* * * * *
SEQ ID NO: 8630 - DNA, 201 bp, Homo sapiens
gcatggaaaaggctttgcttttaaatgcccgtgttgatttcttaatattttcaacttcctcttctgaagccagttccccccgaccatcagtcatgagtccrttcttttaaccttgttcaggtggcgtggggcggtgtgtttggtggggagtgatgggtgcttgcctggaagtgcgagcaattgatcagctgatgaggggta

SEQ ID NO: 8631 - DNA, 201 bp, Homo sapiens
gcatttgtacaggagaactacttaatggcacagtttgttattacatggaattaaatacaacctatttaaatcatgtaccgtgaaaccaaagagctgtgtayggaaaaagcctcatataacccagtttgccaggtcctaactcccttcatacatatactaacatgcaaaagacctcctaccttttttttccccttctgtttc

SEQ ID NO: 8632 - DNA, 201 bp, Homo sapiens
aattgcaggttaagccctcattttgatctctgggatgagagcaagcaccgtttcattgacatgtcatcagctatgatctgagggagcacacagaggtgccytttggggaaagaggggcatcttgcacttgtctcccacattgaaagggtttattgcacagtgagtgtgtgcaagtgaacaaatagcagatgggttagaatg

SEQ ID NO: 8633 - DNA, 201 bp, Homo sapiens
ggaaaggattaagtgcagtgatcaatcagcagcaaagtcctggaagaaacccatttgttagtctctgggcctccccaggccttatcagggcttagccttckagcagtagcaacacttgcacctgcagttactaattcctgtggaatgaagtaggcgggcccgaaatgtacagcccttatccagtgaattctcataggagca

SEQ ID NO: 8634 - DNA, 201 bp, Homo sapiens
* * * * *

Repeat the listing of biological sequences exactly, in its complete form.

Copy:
SEQ ID NO: 8630 - DNA, 201 bp, Homo sapiens
gcatggaaaaggctttgcttttaaatgcccgtgttgatttcttaatattttcaacttcctcttctgaagccagttccccccgaccatcagtcatgagtccrttcttttaaccttgttcaggtggcgtggggcggtgtgtttggtggggagtgatgggtgcttgcctggaagtgcgagcaattgatcagctgatgaggggta

SEQ ID NO: 8631 - DNA, 201 bp, Homo sapiens
gcatttgtacaggagaactacttaatggcacagtttgttattacatggaattaaatacaacctatttaaatcatgtaccgtgaaaccaaagagctgtgtayggaaaaagcctcatataacccagtttgccaggtcctaactcccttcatacatatactaacatgcaaaagacctcctaccttttttttccccttctgtttc

SEQ ID NO: 8632 - DNA, 201 bp, Homo sapiens
aattgcaggttaagccctcattttgatctctgggatgagagcaagcaccgtttcattgacatgtcatcagctatgatctgagggagcacacagaggtgccytttggggaaagaggggcatcttgcacttgtctcccacattgaaagggtttattgcacagtgagtgtgtgcaagtgaacaaatagcagatgggttagaatg

SEQ ID NO: 8633 - DNA, 201 bp, Homo sapiens
ggaaaggattaagtgcagtgatcaatcagcagcaaagtcctggaagaaacccatttgttagtctctgggcctccccaggccttatcagggcttagccttckagcagtagcaacacttgcacctgcagttactaattcctgtggaatgaagtaggcgggcccgaaatgtacagcccttatccagtgaattctcataggagca

SEQ ID NO: 8634 - DNA, 201 bp, Homo sapiens